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Pony Express site excavations subject of archaeology presentation

By ThisIsReno

SUBMITTED NEWS RELEASE

Carson City, Nev.  Dr. Donald L. Hardesty, Professor of Anthropology at the University of Nevada Reno presents Archaeological Perspectives on the Pony Express in Nevada Thursday, May 27, 2010 at 7:00 pm at the Nevada State Museum.  

Archaeological research at several way stations on the pony express trail in northern Nevada has revealed new information about the lifestyles and historical events associated with these remote places. The remains of architecture, clothing, food, weapons and other artifacts found at Cold Springs, Sand Mountain, Jacob’s Well and Desert Station tell a previously untold story about the pony express experience. 

Regular admission fees apply; doors open at 6:00 pm for main building exhibit viewing prior to the lecture.  For more information, contact Deborah Stevenson, Curator of Education, at 775/687-4810, ext. 237. 

Donald L. Hardesty is professor of anthropology at the University of Nevada, Reno. He received his Ph.D. in anthropology from the University of Oregon and did undergraduate work at the University of Kentucky. His research interests include historical archaeology, mining history, overland emigration, and human ecology. Hardesty has done archaeological fieldwork for more than 40 years in the American West, southeastern United States, southern Mexico and Guatemala. He has conducted archaeological excavations at pony express stations at Cold Springs, Sand Mountain, Jacob’s Well and Desert Station. Hardesty has authored several books including The Archaeology of the Donner Party and, most recently, Mining Archaeology in the American West. He has served as president of the Society for Historical Archaeology, the Mining History Association, and the Register of Professional Archaeologists.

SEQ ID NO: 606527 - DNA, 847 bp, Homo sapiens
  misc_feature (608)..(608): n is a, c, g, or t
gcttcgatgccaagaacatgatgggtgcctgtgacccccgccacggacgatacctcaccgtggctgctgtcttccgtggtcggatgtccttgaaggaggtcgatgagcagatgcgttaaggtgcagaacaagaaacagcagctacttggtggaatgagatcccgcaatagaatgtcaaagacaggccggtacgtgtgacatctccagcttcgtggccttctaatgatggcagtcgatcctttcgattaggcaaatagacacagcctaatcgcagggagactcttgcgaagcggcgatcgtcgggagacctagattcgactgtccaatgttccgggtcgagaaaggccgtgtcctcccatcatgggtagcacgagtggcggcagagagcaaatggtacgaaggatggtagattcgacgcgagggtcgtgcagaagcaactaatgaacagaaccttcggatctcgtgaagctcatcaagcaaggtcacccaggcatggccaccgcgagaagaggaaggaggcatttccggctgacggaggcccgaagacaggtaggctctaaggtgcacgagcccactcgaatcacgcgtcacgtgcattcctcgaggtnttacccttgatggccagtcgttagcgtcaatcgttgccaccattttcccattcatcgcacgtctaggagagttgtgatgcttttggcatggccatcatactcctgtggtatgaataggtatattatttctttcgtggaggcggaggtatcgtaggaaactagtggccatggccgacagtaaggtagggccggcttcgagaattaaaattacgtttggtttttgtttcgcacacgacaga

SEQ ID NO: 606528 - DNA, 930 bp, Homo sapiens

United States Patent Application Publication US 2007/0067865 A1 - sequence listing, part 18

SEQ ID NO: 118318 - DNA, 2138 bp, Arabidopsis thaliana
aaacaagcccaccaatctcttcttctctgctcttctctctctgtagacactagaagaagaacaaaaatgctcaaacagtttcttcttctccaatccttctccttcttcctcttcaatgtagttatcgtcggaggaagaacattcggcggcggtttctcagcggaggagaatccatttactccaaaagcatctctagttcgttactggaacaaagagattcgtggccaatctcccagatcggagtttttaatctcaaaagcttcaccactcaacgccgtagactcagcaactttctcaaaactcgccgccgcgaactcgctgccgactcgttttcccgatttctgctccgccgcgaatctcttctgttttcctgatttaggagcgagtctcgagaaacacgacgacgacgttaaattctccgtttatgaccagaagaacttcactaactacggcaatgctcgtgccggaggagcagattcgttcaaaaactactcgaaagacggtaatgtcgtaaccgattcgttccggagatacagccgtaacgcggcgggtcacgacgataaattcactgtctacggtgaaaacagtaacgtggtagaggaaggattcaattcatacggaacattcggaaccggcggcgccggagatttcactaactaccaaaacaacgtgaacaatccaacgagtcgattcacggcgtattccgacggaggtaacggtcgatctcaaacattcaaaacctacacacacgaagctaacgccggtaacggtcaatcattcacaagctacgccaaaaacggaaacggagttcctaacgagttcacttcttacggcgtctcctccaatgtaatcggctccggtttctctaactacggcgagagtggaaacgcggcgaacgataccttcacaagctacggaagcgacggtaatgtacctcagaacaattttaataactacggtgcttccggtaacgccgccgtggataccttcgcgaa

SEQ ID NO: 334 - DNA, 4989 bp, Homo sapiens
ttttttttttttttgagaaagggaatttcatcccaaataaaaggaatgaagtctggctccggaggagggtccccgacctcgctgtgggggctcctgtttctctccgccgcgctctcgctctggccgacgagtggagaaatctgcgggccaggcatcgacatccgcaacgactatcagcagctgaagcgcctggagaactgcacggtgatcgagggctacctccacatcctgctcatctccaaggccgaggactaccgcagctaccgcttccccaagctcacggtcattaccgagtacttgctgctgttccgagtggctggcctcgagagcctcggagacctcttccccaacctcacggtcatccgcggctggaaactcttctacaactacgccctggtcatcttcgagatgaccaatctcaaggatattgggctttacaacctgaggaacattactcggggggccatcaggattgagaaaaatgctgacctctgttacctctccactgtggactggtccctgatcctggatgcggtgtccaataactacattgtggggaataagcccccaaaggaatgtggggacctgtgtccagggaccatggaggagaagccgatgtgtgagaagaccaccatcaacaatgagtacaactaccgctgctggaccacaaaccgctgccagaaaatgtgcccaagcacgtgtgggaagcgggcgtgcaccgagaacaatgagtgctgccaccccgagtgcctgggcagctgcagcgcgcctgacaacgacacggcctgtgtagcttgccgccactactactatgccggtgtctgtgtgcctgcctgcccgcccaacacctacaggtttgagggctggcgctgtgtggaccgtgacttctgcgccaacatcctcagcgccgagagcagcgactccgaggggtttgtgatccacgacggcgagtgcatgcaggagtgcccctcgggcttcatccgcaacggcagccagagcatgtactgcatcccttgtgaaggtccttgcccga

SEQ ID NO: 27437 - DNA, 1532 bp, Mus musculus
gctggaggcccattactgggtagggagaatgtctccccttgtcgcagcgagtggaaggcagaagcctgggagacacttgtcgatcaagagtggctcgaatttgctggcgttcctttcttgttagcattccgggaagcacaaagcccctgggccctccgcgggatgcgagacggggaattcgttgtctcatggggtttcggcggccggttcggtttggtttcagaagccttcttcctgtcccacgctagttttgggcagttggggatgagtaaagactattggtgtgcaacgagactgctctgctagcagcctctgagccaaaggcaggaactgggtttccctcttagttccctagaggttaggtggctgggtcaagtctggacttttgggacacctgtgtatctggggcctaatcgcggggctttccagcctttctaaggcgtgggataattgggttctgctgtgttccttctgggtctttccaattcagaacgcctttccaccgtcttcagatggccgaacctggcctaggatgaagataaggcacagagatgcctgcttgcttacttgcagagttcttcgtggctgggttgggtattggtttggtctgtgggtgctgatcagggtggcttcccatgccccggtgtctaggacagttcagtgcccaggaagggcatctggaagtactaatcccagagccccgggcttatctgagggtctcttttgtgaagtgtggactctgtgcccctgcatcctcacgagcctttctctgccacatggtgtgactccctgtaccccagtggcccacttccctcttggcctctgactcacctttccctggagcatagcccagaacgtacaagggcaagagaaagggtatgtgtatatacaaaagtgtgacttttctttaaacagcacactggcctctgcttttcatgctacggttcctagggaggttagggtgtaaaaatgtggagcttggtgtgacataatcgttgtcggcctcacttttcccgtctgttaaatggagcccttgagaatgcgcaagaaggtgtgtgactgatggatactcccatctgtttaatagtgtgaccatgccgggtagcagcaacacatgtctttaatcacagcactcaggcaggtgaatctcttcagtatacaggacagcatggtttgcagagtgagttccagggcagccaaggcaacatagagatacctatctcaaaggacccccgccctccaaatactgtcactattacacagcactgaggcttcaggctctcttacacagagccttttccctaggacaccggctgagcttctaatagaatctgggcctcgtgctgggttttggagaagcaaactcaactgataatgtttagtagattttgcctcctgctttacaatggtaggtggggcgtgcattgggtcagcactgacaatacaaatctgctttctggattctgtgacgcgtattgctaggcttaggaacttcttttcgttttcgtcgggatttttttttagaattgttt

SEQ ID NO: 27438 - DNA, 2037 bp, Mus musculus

The Nevada State Museum actively engages people in understanding and celebrating Nevada’s natural and cultural heritage.  Exhibits highlight the state’s history, geology, plants and animals, Native American cultural heritage, Historic Carson City Mint, a replica walk-through mine and ghost town.  Current changing exhibits include Interwoven 2010: Visions of the Great Basin Basketmakers, Slot Machines: The Fey Collection, and The Art of Nature: Images from the Wildlands of Nevada

Due to mandatory state budget restrictions, the museum is closed Sunday – Tuesday, and open from 8:30 am to 4:30 pm, Wednesday – Saturday.  The museum is located at 600 N. Carson Street in Caron City, please enter through the Dema Guinn Concourse. Admission: $8 for adults and free children 17 and under and museum members.  For information, call (775) 687-4810. 

The Nevada State Museum is one of seven managed by the state Division of Museums and History, an agency of the Nevada Department of Cultural Affairs. The Department serves Nevada’s citizens and visitors through cultural and information management, presentation and promotion of cultural resources, and education. The Department also includes the State Office of Historic Preservation, Nevada State Library and Archives and the Nevada Arts Council. For more information, please call Teresa Moiola at (775) 687-8323 or visit the department’s website at www.NevadaCulture.org.

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